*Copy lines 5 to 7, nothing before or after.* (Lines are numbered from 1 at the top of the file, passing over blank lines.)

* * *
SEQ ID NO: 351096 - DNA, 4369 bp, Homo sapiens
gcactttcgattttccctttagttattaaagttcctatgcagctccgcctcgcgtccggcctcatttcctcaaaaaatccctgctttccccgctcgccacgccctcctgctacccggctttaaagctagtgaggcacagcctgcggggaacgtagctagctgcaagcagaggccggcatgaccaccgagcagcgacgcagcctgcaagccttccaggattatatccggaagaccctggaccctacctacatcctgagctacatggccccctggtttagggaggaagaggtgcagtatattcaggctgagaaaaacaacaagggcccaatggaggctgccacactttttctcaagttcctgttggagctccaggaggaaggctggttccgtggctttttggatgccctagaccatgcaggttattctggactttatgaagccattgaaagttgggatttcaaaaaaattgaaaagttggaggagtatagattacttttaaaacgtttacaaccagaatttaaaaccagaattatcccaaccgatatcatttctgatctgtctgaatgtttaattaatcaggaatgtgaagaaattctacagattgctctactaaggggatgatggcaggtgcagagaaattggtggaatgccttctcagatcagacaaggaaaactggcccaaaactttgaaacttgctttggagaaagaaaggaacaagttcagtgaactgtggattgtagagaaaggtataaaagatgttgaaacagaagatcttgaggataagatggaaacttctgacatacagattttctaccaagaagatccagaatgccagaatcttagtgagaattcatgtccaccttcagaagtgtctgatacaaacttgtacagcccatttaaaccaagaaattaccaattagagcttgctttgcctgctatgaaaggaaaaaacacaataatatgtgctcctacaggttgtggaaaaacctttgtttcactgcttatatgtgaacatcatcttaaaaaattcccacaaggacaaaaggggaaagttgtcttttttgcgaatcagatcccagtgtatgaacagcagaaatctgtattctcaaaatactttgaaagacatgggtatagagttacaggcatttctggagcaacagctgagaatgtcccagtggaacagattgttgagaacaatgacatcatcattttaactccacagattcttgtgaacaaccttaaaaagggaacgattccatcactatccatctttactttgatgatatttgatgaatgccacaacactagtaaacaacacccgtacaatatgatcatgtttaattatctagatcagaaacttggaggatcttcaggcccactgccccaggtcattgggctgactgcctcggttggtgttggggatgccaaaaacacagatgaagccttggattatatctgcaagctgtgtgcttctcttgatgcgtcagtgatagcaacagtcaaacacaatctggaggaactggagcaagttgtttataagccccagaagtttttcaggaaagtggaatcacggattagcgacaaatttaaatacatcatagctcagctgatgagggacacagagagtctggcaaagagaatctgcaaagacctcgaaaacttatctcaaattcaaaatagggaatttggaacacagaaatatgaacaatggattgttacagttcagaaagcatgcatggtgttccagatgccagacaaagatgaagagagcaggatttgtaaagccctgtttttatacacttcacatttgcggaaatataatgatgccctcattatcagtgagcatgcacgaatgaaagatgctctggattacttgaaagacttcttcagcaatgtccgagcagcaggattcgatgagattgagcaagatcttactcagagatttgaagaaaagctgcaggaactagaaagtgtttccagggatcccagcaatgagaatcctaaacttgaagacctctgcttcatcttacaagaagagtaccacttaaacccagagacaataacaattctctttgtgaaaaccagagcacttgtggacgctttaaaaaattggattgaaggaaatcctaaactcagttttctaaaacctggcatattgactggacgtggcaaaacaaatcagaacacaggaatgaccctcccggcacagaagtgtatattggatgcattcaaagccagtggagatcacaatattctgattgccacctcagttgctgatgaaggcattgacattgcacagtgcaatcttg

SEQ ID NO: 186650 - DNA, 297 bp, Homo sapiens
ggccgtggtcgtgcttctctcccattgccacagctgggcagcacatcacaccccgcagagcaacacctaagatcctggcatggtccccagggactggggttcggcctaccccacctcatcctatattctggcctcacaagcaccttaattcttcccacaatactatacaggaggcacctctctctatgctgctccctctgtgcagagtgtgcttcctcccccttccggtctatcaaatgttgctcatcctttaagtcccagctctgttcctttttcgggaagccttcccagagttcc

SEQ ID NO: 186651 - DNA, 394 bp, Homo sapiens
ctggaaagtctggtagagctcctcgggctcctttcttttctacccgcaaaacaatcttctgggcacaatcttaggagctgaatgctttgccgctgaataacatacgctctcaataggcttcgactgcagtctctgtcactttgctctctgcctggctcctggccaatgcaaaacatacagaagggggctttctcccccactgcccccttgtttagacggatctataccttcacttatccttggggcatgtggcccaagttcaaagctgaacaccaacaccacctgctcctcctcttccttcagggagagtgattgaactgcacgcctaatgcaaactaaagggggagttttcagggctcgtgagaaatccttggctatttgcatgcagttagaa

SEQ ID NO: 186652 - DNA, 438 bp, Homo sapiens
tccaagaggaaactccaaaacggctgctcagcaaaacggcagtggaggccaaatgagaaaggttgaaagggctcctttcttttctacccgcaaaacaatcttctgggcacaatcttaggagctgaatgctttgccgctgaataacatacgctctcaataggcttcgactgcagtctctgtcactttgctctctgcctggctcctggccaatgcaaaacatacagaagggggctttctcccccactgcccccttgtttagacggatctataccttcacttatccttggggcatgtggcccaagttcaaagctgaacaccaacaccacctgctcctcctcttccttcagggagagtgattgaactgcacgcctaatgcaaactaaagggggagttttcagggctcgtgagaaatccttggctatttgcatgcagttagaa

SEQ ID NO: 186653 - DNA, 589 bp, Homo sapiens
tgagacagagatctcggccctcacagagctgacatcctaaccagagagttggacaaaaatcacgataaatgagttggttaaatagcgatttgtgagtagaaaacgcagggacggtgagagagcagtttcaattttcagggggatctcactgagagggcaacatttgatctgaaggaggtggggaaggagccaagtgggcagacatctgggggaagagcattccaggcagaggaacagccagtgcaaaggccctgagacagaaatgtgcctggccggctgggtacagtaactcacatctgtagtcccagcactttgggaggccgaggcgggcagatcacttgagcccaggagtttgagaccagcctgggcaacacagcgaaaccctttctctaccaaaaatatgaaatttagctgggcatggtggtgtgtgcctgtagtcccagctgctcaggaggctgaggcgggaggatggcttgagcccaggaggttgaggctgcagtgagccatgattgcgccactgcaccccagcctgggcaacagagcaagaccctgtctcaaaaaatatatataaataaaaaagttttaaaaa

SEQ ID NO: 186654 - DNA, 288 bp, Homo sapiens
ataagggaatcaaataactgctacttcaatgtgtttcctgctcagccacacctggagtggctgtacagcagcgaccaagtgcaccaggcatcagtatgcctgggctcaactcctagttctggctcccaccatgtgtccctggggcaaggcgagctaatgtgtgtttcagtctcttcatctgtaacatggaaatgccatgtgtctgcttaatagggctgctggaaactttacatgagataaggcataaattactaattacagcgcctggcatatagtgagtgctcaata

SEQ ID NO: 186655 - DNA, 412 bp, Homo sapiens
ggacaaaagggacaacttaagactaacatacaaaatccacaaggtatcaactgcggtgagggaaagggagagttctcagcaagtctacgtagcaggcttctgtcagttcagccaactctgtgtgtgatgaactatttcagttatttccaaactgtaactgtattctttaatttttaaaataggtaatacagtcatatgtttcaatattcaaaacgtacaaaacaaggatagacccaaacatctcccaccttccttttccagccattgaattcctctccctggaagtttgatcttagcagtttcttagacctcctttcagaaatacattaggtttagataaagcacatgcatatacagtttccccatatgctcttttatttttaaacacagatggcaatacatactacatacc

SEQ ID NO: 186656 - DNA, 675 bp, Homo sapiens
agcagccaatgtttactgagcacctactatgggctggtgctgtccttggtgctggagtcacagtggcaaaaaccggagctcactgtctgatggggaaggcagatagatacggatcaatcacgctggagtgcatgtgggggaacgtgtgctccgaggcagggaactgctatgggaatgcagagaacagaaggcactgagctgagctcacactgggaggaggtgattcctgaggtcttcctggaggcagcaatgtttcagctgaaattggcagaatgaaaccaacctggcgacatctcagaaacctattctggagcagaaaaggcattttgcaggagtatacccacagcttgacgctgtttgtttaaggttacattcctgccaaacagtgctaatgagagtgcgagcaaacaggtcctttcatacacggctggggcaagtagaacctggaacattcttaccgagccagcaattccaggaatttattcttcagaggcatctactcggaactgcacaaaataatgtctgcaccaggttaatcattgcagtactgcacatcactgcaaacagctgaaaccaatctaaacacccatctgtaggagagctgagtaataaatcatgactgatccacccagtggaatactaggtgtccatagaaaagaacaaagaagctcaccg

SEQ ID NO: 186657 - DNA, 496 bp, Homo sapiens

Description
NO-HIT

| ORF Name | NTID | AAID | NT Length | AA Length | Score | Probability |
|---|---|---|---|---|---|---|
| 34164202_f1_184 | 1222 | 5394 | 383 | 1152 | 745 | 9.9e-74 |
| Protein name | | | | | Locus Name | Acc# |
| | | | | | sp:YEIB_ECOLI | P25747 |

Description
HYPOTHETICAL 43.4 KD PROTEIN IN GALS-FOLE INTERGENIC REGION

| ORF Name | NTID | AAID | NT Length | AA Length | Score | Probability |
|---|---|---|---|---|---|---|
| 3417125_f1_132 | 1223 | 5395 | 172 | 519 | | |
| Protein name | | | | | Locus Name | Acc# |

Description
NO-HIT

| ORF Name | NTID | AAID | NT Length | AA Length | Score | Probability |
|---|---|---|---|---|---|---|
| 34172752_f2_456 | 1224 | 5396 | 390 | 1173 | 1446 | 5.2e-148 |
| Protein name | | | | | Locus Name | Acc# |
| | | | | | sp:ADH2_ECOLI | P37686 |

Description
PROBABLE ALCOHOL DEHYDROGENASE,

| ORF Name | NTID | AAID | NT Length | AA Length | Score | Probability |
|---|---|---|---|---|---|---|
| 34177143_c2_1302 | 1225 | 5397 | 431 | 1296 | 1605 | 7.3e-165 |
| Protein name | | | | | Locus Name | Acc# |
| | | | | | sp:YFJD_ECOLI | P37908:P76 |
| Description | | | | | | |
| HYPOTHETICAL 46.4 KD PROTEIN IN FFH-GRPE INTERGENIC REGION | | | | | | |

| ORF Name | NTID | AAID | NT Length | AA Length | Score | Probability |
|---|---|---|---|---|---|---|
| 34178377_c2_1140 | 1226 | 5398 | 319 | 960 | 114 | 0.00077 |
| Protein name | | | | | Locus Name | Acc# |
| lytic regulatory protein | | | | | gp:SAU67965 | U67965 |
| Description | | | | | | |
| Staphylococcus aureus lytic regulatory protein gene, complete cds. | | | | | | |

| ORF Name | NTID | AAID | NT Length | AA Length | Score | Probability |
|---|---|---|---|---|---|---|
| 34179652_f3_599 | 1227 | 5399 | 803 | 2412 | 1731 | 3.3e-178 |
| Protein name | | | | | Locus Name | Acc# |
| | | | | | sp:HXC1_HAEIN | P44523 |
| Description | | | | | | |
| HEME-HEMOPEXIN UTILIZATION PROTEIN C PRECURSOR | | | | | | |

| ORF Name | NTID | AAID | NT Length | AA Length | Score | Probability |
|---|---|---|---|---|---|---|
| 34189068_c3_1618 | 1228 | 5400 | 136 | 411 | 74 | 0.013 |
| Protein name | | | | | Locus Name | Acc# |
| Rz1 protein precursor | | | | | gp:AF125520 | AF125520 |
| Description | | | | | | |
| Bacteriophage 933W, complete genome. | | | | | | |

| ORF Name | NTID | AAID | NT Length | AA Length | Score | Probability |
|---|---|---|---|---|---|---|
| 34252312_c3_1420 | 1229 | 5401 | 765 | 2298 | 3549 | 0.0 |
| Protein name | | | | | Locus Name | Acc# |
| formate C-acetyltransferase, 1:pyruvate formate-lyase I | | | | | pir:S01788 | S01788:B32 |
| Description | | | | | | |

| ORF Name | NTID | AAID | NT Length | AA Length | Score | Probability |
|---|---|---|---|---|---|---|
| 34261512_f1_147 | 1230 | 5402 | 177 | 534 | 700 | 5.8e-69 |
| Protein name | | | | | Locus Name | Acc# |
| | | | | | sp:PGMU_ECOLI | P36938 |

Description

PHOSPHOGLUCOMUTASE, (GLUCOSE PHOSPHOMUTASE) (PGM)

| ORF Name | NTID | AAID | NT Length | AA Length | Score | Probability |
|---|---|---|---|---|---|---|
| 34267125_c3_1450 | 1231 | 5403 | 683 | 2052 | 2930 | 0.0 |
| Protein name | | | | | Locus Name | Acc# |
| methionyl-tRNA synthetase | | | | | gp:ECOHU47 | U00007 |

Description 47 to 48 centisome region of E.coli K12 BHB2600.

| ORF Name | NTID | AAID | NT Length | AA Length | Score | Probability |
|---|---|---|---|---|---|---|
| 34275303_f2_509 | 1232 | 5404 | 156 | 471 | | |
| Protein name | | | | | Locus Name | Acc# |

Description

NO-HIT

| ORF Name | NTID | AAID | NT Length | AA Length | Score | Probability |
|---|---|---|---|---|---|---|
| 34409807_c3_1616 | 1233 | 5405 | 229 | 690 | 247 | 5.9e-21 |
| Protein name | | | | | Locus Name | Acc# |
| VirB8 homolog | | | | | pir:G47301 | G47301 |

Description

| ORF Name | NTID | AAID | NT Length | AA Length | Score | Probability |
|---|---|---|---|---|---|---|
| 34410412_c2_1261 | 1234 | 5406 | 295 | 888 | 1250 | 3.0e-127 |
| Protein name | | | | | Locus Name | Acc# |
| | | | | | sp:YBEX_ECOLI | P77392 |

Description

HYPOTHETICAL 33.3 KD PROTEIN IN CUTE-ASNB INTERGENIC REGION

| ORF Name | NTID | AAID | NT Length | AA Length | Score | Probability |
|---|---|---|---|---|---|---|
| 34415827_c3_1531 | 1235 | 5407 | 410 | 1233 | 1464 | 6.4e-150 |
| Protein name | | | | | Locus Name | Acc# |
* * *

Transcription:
SEQ ID NO: 186651 - DNA, 394 bp, Homo sapiens
ctggaaagtctggtagagctcctcgggctcctttcttttctacccgcaaaacaatcttctgggcacaatcttaggagctgaatgctttgccgctgaataacatacgctctcaataggcttcgactgcagtctctgtcactttgctctctgcctggctcctggccaatgcaaaacatacagaagggggctttctcccccactgcccccttgtttagacggatctataccttcacttatccttggggcatgtggcccaagttcaaagctgaacaccaacaccacctgctcctcctcttccttcagggagagtgattgaactgcacgcctaatgcaaactaaagggggagttttcagggctcgtgagaaatccttggctatttgcatgcagttagaa

SEQ ID NO: 186652 - DNA, 438 bp, Homo sapiens